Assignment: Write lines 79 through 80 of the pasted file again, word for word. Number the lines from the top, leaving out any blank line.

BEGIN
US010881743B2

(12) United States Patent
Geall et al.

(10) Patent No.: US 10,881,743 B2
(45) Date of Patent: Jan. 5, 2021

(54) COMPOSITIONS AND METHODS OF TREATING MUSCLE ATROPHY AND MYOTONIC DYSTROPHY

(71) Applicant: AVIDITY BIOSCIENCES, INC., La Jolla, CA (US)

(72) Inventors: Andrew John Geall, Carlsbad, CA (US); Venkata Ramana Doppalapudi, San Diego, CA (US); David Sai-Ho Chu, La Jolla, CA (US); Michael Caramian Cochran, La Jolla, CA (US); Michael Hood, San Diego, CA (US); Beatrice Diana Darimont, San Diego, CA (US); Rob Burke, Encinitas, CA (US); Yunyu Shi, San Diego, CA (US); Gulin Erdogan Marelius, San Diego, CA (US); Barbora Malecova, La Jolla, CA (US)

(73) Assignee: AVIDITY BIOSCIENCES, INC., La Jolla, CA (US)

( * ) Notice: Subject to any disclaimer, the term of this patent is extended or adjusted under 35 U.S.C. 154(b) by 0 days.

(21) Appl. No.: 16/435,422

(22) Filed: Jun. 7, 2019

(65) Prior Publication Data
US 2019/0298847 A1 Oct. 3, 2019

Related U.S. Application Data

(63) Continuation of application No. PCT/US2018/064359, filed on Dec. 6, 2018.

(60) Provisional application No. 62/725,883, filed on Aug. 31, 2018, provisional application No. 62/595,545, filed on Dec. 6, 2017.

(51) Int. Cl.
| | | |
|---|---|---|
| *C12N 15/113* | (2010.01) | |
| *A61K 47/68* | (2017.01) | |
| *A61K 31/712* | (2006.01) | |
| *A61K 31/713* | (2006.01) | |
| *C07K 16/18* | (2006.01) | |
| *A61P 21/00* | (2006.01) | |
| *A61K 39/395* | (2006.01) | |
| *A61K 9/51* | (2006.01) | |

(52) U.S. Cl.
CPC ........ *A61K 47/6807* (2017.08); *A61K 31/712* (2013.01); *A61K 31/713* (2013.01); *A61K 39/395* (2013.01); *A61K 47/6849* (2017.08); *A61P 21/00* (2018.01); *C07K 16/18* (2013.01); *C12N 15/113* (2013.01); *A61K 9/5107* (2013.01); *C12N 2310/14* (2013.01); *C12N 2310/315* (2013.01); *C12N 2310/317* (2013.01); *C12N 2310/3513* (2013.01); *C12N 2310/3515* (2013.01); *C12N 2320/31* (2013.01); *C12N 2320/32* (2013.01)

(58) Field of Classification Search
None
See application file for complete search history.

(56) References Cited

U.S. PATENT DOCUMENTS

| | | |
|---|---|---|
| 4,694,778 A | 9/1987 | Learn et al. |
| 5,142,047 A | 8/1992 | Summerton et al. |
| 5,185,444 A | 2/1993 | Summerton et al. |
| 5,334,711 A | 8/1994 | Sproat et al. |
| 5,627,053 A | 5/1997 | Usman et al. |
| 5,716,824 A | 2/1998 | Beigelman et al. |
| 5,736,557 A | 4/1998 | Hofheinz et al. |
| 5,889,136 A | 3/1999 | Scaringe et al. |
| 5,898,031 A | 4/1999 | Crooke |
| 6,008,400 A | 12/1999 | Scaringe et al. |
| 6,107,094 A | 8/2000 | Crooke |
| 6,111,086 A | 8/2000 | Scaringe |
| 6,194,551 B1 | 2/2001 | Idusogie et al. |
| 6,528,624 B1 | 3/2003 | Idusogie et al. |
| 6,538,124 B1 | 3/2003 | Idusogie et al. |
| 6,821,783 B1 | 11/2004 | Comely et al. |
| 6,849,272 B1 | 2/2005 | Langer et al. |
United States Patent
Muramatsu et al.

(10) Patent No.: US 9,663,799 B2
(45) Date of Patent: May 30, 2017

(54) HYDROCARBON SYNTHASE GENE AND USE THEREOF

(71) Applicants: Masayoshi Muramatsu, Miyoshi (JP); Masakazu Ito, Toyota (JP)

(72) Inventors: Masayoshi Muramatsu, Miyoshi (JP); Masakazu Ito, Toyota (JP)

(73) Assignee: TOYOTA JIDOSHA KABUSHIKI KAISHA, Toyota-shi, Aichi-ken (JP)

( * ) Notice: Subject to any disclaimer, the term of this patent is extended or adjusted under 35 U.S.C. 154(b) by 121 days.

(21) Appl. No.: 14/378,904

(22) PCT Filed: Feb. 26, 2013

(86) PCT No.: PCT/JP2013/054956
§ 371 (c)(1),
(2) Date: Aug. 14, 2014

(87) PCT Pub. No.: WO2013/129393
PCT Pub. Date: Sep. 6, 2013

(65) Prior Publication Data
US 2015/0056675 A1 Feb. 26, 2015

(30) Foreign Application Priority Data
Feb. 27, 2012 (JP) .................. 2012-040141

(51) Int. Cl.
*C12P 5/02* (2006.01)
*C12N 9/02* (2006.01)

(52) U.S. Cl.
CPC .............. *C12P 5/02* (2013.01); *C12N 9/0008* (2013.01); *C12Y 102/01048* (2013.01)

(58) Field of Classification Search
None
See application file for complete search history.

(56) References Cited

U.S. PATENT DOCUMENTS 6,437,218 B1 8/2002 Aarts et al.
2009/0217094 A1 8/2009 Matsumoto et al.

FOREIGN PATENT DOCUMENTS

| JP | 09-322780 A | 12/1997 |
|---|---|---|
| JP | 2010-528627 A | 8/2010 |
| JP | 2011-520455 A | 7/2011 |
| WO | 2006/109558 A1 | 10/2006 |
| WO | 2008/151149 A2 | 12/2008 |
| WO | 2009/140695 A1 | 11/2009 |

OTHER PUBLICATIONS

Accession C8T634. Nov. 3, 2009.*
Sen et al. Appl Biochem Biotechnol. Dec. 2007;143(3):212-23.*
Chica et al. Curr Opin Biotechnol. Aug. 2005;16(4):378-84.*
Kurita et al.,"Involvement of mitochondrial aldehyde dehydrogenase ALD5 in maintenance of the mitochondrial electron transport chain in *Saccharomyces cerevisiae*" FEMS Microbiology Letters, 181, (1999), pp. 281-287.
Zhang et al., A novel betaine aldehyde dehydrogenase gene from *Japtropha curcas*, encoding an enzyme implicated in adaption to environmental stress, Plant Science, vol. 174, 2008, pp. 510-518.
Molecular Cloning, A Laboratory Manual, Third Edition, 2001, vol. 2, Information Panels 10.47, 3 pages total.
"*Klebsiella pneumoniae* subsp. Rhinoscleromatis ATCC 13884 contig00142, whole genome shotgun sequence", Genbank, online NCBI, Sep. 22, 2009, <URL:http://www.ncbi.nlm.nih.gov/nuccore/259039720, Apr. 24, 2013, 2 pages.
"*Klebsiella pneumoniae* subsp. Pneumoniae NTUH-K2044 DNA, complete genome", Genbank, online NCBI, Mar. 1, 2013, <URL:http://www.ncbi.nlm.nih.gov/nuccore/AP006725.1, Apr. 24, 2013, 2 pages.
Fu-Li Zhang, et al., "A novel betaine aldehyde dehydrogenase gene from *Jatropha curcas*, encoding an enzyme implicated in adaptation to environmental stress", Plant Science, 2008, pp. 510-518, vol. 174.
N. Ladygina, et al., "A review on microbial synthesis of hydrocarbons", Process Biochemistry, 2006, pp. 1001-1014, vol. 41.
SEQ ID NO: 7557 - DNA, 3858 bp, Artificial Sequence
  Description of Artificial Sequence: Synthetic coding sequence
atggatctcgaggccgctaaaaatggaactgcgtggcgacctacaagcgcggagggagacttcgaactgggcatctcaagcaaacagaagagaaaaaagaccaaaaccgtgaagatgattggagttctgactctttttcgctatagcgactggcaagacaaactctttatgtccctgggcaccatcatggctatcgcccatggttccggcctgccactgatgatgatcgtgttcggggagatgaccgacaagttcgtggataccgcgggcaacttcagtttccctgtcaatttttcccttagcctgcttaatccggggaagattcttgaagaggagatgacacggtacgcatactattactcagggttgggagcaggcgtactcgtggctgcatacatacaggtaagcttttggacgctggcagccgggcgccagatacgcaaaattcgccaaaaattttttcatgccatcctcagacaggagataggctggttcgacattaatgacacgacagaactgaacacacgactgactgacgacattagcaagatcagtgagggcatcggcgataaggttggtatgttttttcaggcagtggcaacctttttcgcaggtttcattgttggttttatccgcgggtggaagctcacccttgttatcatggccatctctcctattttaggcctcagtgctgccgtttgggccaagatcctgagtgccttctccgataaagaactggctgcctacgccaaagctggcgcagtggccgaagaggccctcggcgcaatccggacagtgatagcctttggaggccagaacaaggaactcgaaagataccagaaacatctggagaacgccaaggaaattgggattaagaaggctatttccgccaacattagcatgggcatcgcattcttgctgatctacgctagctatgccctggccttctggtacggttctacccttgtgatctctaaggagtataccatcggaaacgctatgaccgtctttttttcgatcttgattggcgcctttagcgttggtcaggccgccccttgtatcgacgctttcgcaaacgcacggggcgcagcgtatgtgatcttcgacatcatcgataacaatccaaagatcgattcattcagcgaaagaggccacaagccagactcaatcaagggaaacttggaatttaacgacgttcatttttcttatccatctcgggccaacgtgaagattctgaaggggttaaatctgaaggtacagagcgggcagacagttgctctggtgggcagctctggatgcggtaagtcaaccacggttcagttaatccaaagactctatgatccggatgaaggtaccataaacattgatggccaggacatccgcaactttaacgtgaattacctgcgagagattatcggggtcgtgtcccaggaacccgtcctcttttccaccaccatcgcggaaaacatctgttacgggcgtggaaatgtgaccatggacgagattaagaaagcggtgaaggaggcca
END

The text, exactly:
CPC .............. *C12P 5/02* (2013.01); *C12N 9/0008* (2013.01); *C12Y 102/01048* (2013.01)

(58) Field of Classification Search